The right sunscreen. While we're on the subject of UV rays, we may as well talk about sunscreen. Of course we all know that the sun's rays can increase our risk of skin cancer, but did you know many types of sunscreen contain worrisome ingredients such as oxybenzone, a hormone disruptor, and retinyl palmitate, a form of vitamin A linked to skin damage that may speed development of skin cancer? Any sunscreen you buy should use the active ingredients zinc oxide or titanium dioxide. The Environmental Working Group (EWG) estimates that more than half of sunscreens on the American market would not meet European health requirements. If in doubt, check your sunscreen with the EWG. Derma-E and Honest Company both make good, easy-to-find options.
Bug banisher. Mosquitoes and ticks are more than irritating--they also spread disease. But many of us aren't thrilled with slathering ourselves with the chemical DEET, which is used in most common bug repellents, so how to keep bugs at bay? Try a natural repellent such as Badger's Anti-Bug Shake & Spray, made with citronella, rosemary and wintergreen. Other good options include burning citronella candles or torches, or making your own mosquito traps. Find the low-cost instructions here.
A sweeter treat. We all know summer is the perfect time for ice cream. If you or someone in your family suffers from lactose intolerance, though, that indulgence often must be denied. Luna & Larry's Coconut Bliss changes all that. Lactose intolerant or not, every kid and adult will swoon over this delicious, coconut-based ice cream. Their ingredients are responsibly sourced, organic and free of dairy, soy and gluten. They are also (and most importantly) absolutely delicious. On top of that, they use sustainable practices in their manufacturing facility and headquarters. Basically, they're impossible not to love!
Cool drinks. Another summer craving is for cool and refreshing drinks. Unfortunately, most prepackaged drinks on the market contain lots of sugar, along with dyes and other synthetic additives. Instead, opt for a refreshing drink that can actually enhance your health. Rishi offers a wonderful Paradise Punch tea made up of organic pineapple, sarsaparilla root, mango, hibiscus, lemon verbena, orange peel, lemon peel and lime oil. It makes a sweet and refreshing iced tea.
Stellar summer skin care. One of my favorite products for summer skin care is witch hazel. All natural witch hazel is a great toner and it's the perfect way to refresh summer skin. It also acts as a good mosquito repellent, on its own or combined with essential oils such as peppermint or tea tree, and a great treatment to relieve itchy bug bites. T.N. Dickinson's is an easy-to-find brand free of artificial fragrances and dyes.
Are you cheery calendula, wise sage or romantic rosemary? Take our fun personality quiz below to find out!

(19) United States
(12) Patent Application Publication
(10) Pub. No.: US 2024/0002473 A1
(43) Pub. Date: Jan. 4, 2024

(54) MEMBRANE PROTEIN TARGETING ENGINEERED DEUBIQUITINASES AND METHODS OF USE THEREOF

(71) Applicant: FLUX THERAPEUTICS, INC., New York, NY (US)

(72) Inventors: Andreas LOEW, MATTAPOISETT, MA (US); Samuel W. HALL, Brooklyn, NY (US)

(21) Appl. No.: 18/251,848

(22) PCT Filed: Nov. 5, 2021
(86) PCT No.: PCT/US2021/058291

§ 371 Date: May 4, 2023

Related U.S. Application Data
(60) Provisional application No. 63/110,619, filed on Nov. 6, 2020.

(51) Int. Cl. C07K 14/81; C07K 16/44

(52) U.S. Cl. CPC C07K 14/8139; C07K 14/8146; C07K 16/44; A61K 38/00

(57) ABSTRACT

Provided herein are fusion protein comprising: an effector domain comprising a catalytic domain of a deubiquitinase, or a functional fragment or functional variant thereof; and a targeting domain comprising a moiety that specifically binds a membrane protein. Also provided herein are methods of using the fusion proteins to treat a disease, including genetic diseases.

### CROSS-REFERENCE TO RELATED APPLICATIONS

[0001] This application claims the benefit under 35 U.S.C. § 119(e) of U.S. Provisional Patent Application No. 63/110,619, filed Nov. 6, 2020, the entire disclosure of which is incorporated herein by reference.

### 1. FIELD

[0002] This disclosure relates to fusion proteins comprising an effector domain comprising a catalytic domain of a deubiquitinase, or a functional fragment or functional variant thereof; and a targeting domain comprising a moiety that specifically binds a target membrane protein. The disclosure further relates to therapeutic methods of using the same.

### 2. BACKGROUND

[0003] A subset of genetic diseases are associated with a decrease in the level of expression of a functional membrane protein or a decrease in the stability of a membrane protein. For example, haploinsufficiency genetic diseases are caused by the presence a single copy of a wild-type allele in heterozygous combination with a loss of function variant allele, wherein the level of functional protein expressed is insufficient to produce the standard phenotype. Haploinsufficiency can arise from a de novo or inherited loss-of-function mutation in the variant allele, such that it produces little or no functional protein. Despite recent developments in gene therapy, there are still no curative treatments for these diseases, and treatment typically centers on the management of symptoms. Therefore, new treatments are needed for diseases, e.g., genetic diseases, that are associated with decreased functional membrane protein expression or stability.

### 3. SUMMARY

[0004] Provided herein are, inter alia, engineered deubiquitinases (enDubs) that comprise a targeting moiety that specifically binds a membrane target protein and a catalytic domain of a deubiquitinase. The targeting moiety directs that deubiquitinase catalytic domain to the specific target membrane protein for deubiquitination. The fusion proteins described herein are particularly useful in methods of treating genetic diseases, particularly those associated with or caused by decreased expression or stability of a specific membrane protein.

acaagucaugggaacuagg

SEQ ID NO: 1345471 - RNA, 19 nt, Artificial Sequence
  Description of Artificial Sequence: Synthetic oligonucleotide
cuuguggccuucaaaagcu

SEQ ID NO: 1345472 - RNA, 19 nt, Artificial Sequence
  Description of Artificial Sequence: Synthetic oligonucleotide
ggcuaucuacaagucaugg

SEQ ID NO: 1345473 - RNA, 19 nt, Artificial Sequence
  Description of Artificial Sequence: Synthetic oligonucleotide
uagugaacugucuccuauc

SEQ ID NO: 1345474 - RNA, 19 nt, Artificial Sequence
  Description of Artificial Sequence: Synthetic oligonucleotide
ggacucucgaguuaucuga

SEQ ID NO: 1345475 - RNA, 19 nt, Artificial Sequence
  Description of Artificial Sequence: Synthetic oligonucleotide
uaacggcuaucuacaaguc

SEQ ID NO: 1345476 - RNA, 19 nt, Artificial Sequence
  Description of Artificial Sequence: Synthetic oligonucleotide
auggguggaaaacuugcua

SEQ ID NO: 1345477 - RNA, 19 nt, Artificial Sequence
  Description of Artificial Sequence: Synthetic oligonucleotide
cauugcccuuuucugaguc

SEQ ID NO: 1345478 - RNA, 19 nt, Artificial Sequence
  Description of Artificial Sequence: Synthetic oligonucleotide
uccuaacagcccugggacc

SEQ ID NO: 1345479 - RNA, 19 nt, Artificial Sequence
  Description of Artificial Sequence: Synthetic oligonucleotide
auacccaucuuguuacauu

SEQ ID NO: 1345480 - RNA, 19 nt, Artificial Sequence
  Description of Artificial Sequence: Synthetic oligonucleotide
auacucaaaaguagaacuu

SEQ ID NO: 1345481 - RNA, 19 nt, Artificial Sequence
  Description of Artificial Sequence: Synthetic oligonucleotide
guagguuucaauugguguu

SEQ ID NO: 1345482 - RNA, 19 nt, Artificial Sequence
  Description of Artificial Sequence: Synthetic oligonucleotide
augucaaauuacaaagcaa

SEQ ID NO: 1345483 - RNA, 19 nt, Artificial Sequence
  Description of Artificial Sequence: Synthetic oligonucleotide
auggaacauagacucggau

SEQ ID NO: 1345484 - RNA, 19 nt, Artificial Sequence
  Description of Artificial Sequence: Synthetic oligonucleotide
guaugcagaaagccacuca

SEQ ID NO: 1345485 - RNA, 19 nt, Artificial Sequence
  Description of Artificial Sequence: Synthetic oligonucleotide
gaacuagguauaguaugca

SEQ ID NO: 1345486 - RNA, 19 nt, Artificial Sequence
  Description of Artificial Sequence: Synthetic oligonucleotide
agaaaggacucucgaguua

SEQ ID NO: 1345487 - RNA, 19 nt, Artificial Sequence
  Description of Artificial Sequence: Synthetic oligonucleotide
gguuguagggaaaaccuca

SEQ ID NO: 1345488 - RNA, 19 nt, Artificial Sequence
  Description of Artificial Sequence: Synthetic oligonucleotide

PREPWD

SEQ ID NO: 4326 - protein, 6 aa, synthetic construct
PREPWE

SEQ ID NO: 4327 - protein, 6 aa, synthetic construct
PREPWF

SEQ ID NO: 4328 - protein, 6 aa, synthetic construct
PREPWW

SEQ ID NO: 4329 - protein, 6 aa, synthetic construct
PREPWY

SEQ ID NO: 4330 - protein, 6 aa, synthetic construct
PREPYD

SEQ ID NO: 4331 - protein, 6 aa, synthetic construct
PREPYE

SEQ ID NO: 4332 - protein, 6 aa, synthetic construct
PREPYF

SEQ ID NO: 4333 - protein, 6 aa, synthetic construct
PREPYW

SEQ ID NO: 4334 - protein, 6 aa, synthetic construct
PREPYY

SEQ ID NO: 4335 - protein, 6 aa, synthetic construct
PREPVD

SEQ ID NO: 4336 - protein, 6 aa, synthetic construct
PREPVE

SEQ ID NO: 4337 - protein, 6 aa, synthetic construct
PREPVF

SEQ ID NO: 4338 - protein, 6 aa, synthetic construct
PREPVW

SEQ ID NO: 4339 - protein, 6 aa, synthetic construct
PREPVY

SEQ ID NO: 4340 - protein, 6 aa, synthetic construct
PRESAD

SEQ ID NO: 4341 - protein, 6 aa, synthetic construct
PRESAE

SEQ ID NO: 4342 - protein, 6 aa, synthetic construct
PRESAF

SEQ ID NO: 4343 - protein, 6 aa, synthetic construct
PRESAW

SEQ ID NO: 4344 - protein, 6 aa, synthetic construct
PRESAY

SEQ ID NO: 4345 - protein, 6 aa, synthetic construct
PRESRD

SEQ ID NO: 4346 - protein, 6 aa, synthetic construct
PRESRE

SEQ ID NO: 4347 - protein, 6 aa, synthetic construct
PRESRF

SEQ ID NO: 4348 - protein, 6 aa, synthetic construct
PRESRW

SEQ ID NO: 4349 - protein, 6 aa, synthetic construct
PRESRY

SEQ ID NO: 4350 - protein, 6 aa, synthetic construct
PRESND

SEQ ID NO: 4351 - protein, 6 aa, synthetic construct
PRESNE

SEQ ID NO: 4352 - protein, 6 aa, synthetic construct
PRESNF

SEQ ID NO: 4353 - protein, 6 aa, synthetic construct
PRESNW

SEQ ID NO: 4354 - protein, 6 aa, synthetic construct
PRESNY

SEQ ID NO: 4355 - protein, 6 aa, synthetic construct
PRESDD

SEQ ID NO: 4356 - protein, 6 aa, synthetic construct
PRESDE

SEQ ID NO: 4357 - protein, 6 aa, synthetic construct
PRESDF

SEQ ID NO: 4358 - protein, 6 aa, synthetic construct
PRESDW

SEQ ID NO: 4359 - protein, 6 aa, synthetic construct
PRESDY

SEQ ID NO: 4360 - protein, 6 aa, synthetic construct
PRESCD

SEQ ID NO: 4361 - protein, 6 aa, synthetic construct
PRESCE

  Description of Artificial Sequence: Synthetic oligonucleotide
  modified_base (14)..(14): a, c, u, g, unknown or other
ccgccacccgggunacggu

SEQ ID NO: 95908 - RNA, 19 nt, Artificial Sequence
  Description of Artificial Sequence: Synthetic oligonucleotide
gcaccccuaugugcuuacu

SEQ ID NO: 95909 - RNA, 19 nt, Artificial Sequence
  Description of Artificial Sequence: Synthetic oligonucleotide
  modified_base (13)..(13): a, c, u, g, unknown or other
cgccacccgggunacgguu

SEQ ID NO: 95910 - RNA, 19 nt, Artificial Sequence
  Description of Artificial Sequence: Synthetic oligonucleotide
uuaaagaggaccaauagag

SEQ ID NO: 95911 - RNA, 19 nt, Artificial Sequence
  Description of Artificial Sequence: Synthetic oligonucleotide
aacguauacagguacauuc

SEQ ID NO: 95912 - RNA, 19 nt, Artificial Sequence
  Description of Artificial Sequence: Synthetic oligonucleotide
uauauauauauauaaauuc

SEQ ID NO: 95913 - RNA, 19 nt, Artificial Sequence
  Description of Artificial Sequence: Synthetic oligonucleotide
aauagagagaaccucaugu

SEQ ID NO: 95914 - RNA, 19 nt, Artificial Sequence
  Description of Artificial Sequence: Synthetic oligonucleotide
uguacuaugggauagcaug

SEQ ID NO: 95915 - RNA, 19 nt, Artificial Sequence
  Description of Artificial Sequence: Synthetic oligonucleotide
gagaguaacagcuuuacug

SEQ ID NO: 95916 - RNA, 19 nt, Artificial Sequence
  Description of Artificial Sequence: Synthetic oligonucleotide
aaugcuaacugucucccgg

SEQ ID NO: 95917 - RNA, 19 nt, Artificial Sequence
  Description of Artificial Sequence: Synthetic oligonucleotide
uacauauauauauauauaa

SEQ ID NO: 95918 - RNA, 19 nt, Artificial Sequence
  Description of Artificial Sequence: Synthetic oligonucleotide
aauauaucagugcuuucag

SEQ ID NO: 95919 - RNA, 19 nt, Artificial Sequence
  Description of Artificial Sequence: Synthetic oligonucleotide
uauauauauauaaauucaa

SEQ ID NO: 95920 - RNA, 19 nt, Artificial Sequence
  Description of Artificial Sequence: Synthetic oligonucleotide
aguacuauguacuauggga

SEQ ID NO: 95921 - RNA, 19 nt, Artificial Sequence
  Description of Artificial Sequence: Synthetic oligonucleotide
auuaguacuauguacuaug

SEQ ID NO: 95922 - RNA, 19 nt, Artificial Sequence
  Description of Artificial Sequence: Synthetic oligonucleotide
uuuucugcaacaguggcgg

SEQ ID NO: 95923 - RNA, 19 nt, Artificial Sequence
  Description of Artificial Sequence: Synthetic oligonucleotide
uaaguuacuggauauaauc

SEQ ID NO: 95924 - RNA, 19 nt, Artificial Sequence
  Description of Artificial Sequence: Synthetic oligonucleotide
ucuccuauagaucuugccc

A few months ago Bob’s Red Mill sent us a package of Almond Meal to try. Since last November, I’ve been trying to drastically limit/eliminate my consumption of refined grains and white sugar. While it’s difficult to be at absolute zero on these items and lead a normal life, getting close to zero has been easier than I anticipated. That said, my husband has a sweet tooth and I want my kid to be able to have chocolate chip cookies once in a while. (Oh, and yes, I too like chocolate chip cookies!)
The back of the flour bag had this wonderful-sounding recipe, and I had all the ingredients in my house (including dark chocolate chips in the freezer). I gave it a try and oh-my-gosh these cookies are amazing! No. 1 cookie priority: They are incredibly delicious. Like, didn’t last in the house for more than 24 hours delicious (maybe a little too delicious?).
Along with the incredible taste factor, though, these cookies are in the not-that-bad-for-you realm with no flour, coconut oil instead of vegetable oil or butter (not that I would ever dis butter) and pure maple syrup as the sweetener (and 1/4 cup rather than the whole cup many recipes call for). I don’t think I had the optional almond extract, which was totally fine. They do include a bit of sugar in the dark chocolate chips, but you could even go with cacao nibs and I think this recipe would be fabulous. The almond meal gives the cookies a crumbly and delicate texture, and they taste buttery and rich even without actual butter. And that combination of dark chocolate and salt is the way to my heart.
So if you are looking for a sweet treat that tastes completely indulgent yet is not too bad from a health aspect (I didn’t even go into the nutritional benefits of the almond meal—3 grams of fiber and 6 grams of protein per serving, plus a dose of healthy fats), I cannot encourage you enough to try these cookies.
One thing to keep in mind: At $11 a bag, almond meal is expensive—waaay more expensive than flour. But I justify the expense by considering that I rarely make home-baked goods, so when I’m going to splurge, I say go big.
• 3 cups almond meal
• 1 teaspoon baking soda
• 1/2 teaspoon sea salt
• 1/4 cup coconut oil
• 1/4 cup maple syrup
• 1 whole egg
• 2 egg whites
• 1 teaspoon vanilla extract (optional)
• 1/4 teaspoon almond extract (optional)
• 1 cup dark chocolate chips
• 1/2 cup toasted sliced almonds*
1. Preheat oven to 375 degrees. Line two baking sheets with parchment paper.